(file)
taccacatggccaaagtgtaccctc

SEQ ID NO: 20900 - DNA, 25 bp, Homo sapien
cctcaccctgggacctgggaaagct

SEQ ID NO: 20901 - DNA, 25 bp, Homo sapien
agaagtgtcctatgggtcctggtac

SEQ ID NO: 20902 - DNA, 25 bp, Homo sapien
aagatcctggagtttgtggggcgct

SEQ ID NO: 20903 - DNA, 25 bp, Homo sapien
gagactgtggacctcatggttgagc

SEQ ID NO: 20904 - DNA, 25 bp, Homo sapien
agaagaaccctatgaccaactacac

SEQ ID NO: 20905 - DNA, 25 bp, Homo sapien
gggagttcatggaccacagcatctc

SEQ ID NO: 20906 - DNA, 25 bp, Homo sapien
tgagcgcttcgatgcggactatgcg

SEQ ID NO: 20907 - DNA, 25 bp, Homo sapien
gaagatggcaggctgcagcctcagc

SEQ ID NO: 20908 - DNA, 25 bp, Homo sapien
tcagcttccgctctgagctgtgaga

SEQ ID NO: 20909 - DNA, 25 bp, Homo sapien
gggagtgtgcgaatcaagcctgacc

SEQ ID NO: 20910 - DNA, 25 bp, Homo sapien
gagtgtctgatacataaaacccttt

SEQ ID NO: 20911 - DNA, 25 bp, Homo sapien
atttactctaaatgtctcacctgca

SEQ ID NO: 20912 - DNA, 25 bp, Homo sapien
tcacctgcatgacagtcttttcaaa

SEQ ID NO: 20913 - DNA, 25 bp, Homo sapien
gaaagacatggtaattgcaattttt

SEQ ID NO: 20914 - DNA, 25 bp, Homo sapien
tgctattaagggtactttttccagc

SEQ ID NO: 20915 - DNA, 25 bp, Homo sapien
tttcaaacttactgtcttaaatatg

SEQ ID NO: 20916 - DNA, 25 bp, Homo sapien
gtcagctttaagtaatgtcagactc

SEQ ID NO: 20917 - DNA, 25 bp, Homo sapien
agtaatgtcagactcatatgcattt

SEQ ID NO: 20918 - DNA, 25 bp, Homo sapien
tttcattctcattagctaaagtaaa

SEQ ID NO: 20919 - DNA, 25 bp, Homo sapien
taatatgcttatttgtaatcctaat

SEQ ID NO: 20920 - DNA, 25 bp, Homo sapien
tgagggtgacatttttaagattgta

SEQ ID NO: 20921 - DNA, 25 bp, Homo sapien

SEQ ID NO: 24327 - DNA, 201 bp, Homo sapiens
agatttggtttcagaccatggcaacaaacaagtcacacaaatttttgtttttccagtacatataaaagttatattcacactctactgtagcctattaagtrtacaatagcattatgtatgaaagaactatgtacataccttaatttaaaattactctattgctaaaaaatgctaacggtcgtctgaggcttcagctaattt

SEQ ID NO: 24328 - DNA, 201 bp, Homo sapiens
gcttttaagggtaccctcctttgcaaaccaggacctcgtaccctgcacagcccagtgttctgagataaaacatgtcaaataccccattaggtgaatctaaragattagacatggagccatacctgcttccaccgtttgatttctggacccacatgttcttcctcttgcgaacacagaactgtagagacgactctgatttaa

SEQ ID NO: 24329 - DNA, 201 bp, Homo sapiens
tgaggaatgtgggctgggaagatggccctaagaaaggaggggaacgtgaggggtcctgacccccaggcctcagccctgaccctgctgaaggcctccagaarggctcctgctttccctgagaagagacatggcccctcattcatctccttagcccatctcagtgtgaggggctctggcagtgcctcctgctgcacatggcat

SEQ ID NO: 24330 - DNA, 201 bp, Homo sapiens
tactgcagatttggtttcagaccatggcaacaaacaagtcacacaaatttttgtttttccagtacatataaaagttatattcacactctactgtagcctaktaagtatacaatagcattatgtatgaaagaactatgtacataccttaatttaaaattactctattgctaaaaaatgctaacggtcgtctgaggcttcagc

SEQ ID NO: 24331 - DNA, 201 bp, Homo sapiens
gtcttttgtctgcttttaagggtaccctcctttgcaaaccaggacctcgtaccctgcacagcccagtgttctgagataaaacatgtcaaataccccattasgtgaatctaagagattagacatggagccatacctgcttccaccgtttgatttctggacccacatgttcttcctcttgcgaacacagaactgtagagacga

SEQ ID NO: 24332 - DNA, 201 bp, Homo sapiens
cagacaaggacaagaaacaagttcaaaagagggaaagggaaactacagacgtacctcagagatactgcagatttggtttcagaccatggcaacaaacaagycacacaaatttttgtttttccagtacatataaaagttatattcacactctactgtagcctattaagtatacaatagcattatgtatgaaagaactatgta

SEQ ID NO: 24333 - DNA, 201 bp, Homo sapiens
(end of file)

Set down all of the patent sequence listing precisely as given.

taccacatggccaaagtgtaccctc

SEQ ID NO: 20900 - DNA, 25 bp, Homo sapien
cctcaccctgggacctgggaaagct

SEQ ID NO: 20901 - DNA, 25 bp, Homo sapien
agaagtgtcctatgggtcctggtac

SEQ ID NO: 20902 - DNA, 25 bp, Homo sapien
aagatcctggagtttgtggggcgct

SEQ ID NO: 20903 - DNA, 25 bp, Homo sapien
gagactgtggacctcatggttgagc

SEQ ID NO: 20904 - DNA, 25 bp, Homo sapien
agaagaaccctatgaccaactacac

SEQ ID NO: 20905 - DNA, 25 bp, Homo sapien
gggagttcatggaccacagcatctc

SEQ ID NO: 20906 - DNA, 25 bp, Homo sapien
tgagcgcttcgatgcggactatgcg

SEQ ID NO: 20907 - DNA, 25 bp, Homo sapien
gaagatggcaggctgcagcctcagc

SEQ ID NO: 20908 - DNA, 25 bp, Homo sapien
tcagcttccgctctgagctgtgaga

SEQ ID NO: 20909 - DNA, 25 bp, Homo sapien
gggagtgtgcgaatcaagcctgacc

SEQ ID NO: 20910 - DNA, 25 bp, Homo sapien
gagtgtctgatacataaaacccttt

SEQ ID NO: 20911 - DNA, 25 bp, Homo sapien
atttactctaaatgtctcacctgca

SEQ ID NO: 20912 - DNA, 25 bp, Homo sapien
tcacctgcatgacagtcttttcaaa

SEQ ID NO: 20913 - DNA, 25 bp, Homo sapien
gaaagacatggtaattgcaattttt

SEQ ID NO: 20914 - DNA, 25 bp, Homo sapien
tgctattaagggtactttttccagc

SEQ ID NO: 20915 - DNA, 25 bp, Homo sapien
tttcaaacttactgtcttaaatatg

SEQ ID NO: 20916 - DNA, 25 bp, Homo sapien
gtcagctttaagtaatgtcagactc

SEQ ID NO: 20917 - DNA, 25 bp, Homo sapien
agtaatgtcagactcatatgcattt

SEQ ID NO: 20918 - DNA, 25 bp, Homo sapien
tttcattctcattagctaaagtaaa

SEQ ID NO: 20919 - DNA, 25 bp, Homo sapien
taatatgcttatttgtaatcctaat

SEQ ID NO: 20920 - DNA, 25 bp, Homo sapien
tgagggtgacatttttaagattgta

SEQ ID NO: 20921 - DNA, 25 bp, Homo sapien

SEQ ID NO: 24327 - DNA, 201 bp, Homo sapiens
agatttggtttcagaccatggcaacaaacaagtcacacaaatttttgtttttccagtacatataaaagttatattcacactctactgtagcctattaagtrtacaatagcattatgtatgaaagaactatgtacataccttaatttaaaattactctattgctaaaaaatgctaacggtcgtctgaggcttcagctaattt

SEQ ID NO: 24328 - DNA, 201 bp, Homo sapiens
gcttttaagggtaccctcctttgcaaaccaggacctcgtaccctgcacagcccagtgttctgagataaaacatgtcaaataccccattaggtgaatctaaragattagacatggagccatacctgcttccaccgtttgatttctggacccacatgttcttcctcttgcgaacacagaactgtagagacgactctgatttaa

SEQ ID NO: 24329 - DNA, 201 bp, Homo sapiens
tgaggaatgtgggctgggaagatggccctaagaaaggaggggaacgtgaggggtcctgacccccaggcctcagccctgaccctgctgaaggcctccagaarggctcctgctttccctgagaagagacatggcccctcattcatctccttagcccatctcagtgtgaggggctctggcagtgcctcctgctgcacatggcat

SEQ ID NO: 24330 - DNA, 201 bp, Homo sapiens
tactgcagatttggtttcagaccatggcaacaaacaagtcacacaaatttttgtttttccagtacatataaaagttatattcacactctactgtagcctaktaagtatacaatagcattatgtatgaaagaactatgtacataccttaatttaaaattactctattgctaaaaaatgctaacggtcgtctgaggcttcagc

SEQ ID NO: 24331 - DNA, 201 bp, Homo sapiens
gtcttttgtctgcttttaagggtaccctcctttgcaaaccaggacctcgtaccctgcacagcccagtgttctgagataaaacatgtcaaataccccattasgtgaatctaagagattagacatggagccatacctgcttccaccgtttgatttctggacccacatgttcttcctcttgcgaacacagaactgtagagacga

SEQ ID NO: 24332 - DNA, 201 bp, Homo sapiens
cagacaaggacaagaaacaagttcaaaagagggaaagggaaactacagacgtacctcagagatactgcagatttggtttcagaccatggcaacaaacaagycacacaaatttttgtttttccagtacatataaaagttatattcacactctactgtagcctattaagtatacaatagcattatgtatgaaagaactatgta

SEQ ID NO: 24333 - DNA, 201 bp, Homo sapiens